Late Night Finish In Acapulco Rewards Defending Champ Zverev

Alexander Zverev and Jenson Brooksby (photo: ATP Tour video)

ACAPULCO/WASHINGTON, February 22, 2022 (by Michael Dickens)

The ATP Tour has returned to Mexico with a big splash – and all-night tennis, too!

The Abierto Mexicano Telcel presentado por HSBC, an ATP 500 outdoor hard-court event in its 29th edition in Acapulco, is taking place at a new venue. The Arena GNP Seguros includes six courts and a stadium with seating for more than 10,000 fans. Certainly, tennis fans got their money’s worth on opening night with three straight three-hours-plus matches on Estadio.

On Monday night – and into early Tuesday morning – as the tournament’s main draw unfolded under clear skies and 84-degree Fahrenheit temperatures, it boasted 11 of the Top 25 players in the ATP rankings and four of the Top 5: No. 2 Daniil Medvedev; No. 3 Alexander Zverev, the defending champion; No. 4 Stefanos Tsitsipas, last year’s finalist; and No. 5 Rafael Nadal, the three-time (2005, 2013, 2020) champion of the event.

While World No. 1 Novak Djokovic is finally beginning his 2022 season in Dubai this week 10 time zones away, the best of the rest is in Acapulco, a beach resort town on Mexico’s Pacific coast that is set on a large bay backed by high-rises and the Sierra Madre del Sur mountains. It’s a tournament characterized by it’s evening and night-time tennis to combat the warm daytime temperatures.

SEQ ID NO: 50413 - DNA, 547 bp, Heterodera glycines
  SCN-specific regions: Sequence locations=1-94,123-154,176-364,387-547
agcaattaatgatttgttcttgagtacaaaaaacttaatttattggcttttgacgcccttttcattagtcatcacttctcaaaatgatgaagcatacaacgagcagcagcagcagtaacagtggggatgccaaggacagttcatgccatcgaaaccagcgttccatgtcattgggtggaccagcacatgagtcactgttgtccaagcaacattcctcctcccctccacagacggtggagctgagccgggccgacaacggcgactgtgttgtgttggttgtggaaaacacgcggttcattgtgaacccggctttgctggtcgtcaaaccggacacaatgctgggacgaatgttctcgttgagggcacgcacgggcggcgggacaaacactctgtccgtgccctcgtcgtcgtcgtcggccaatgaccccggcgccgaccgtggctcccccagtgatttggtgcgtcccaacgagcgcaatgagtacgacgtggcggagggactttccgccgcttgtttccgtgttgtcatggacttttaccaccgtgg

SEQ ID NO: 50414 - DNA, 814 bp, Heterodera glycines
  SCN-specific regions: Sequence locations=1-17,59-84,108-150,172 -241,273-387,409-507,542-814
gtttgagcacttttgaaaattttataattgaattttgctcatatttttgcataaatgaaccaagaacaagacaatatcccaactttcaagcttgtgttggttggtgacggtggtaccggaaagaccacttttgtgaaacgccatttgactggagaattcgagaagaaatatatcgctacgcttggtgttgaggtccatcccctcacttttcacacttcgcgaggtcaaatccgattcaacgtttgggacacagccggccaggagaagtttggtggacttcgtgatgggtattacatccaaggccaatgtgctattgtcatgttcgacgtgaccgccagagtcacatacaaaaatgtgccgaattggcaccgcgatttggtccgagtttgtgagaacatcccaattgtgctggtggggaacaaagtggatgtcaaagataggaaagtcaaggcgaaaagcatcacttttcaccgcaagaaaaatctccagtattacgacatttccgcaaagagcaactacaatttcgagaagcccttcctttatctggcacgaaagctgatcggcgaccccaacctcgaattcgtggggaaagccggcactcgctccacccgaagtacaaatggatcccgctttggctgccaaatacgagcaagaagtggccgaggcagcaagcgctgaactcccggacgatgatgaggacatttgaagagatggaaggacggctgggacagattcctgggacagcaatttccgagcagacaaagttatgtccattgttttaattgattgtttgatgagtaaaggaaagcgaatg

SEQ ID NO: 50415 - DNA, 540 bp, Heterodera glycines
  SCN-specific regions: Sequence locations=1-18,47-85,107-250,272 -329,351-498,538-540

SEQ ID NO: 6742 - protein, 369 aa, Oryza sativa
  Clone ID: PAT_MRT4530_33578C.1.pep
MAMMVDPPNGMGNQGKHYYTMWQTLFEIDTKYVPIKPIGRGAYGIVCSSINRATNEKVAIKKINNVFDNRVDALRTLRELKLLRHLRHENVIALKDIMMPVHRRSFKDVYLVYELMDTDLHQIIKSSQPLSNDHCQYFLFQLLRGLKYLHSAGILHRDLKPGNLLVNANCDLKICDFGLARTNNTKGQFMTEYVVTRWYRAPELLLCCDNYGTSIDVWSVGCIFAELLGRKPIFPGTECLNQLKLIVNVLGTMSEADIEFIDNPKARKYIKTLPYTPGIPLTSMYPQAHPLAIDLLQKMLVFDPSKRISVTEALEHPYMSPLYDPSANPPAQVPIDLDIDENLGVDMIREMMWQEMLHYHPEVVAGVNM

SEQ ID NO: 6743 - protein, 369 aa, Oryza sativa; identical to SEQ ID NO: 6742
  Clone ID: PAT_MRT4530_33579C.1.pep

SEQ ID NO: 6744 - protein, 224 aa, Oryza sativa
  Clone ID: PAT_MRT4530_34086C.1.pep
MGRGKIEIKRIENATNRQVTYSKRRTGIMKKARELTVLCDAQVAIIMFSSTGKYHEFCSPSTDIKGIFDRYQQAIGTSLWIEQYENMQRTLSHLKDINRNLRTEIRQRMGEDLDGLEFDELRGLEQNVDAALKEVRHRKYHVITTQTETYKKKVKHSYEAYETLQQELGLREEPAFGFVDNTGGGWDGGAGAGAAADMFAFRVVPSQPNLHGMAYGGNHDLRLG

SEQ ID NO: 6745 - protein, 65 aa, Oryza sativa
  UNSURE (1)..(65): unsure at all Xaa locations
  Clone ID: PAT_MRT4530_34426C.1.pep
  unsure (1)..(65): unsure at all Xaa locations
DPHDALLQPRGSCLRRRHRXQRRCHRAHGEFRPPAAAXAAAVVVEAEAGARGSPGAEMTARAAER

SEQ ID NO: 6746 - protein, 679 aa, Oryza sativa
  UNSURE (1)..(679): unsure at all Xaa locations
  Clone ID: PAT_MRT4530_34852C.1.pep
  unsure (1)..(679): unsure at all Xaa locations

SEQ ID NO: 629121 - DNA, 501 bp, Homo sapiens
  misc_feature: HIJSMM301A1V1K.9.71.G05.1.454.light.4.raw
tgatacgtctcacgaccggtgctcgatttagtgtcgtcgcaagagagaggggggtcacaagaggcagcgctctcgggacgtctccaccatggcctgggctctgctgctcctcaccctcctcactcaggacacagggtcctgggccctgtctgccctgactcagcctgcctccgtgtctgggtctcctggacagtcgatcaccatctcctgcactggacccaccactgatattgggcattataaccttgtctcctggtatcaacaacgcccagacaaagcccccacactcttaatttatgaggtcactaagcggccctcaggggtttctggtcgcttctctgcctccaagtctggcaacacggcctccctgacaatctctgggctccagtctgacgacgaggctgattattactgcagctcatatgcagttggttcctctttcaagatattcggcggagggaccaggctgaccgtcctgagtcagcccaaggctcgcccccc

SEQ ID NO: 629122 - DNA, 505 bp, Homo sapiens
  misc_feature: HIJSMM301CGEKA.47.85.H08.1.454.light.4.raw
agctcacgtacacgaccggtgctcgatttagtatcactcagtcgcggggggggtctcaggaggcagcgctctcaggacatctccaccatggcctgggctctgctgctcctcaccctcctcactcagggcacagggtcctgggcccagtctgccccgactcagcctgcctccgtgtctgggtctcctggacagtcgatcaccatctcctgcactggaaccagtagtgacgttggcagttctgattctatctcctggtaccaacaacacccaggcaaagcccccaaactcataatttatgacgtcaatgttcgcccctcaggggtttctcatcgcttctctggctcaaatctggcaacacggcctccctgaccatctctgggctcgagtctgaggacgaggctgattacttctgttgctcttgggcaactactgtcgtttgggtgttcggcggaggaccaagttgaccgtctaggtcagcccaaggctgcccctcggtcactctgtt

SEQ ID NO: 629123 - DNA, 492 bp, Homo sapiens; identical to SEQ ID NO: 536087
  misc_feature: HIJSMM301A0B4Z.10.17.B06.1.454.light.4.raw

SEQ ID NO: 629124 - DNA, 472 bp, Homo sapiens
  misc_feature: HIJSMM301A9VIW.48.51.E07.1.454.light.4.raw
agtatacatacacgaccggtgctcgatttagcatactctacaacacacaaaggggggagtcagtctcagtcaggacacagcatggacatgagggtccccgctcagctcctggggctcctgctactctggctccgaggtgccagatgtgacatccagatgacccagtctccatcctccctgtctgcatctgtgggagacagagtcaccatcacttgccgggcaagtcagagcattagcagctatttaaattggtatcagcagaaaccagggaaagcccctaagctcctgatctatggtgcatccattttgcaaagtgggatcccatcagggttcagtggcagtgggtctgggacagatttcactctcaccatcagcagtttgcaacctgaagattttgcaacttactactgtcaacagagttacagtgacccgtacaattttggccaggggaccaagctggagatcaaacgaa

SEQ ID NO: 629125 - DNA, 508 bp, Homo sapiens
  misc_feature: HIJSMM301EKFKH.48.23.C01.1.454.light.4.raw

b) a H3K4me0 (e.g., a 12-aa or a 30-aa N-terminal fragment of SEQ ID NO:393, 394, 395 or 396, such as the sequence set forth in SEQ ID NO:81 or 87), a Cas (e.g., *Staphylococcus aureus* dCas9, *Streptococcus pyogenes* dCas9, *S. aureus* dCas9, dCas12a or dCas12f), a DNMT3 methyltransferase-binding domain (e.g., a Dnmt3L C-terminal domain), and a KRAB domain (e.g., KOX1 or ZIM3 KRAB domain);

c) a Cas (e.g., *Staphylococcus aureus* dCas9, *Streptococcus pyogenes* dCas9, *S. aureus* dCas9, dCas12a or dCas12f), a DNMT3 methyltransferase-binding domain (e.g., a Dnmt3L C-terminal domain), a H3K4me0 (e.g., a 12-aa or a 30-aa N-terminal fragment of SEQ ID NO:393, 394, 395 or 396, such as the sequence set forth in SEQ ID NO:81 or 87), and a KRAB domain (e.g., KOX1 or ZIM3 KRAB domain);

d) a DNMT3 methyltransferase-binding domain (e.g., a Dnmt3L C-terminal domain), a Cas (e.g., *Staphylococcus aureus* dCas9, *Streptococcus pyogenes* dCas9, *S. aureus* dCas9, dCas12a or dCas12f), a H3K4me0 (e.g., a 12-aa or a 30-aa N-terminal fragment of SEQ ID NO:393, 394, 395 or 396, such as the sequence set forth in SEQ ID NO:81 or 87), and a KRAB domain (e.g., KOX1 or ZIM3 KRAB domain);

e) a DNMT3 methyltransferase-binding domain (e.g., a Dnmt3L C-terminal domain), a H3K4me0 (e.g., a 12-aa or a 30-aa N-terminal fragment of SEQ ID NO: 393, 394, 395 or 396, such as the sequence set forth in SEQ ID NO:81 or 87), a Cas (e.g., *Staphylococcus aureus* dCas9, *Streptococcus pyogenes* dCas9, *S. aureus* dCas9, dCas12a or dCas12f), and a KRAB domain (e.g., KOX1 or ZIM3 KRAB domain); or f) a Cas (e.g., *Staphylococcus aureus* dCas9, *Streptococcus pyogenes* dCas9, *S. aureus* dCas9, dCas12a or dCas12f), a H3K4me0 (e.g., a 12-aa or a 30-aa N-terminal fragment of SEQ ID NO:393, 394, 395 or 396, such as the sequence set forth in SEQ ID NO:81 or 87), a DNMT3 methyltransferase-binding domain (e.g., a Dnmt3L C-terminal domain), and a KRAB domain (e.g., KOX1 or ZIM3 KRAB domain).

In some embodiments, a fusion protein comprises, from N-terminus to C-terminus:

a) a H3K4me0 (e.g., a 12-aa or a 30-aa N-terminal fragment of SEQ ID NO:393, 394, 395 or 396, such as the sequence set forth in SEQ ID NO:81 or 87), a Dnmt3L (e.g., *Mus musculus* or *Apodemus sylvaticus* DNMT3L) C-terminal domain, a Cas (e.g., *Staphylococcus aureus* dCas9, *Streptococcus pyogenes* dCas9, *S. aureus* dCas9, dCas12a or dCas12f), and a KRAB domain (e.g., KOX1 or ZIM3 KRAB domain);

Monday evening’s opening night featured seven matches, none bigger than No. 2 seed Zverev against No. 47 Jenson Brooksby, who two weeks ago was a finalist at the Dallas Open. Zverev came in leading the head-to-head series 1-0 and after it was over – not until 4:55 a.m. local time after three hours and 20 minutes – the German prevailed with a come-from-behind 3-6, 7-6 (10), 6-2 victory.

The second set alone lasted an hour and 52 minutes. Brooksby had match points during the second set tie-break at 6-5 and 10-9 and wasn’t able to convert either of them. Instead, Zverev won the last three points of the tie-break and went on to break Brooksby twice in the final set, in the third and seventh games, and closed out the victory on his first match point opportunity. The two tired but proud combatants shook hands at the net and as Zverev awaited his post-match interview, Brooksby received a standing ovation as he left the court.

“Right now I’m happy that I won,” a tired but relieved Zverev said. “I don’t know how Jenson feels, but it must be difficult. I’m happy to be a part of history. It was an incredible battle, I think it was an incredible match, and hopefully [there are] many more to come from me this week.

“Today I didn’t play my best, there’s no doubt about it, but I didn’t give up. I knew that I want to do well, I’m the defending champion and I want to give myself the best chance to win. I did well to survive today.”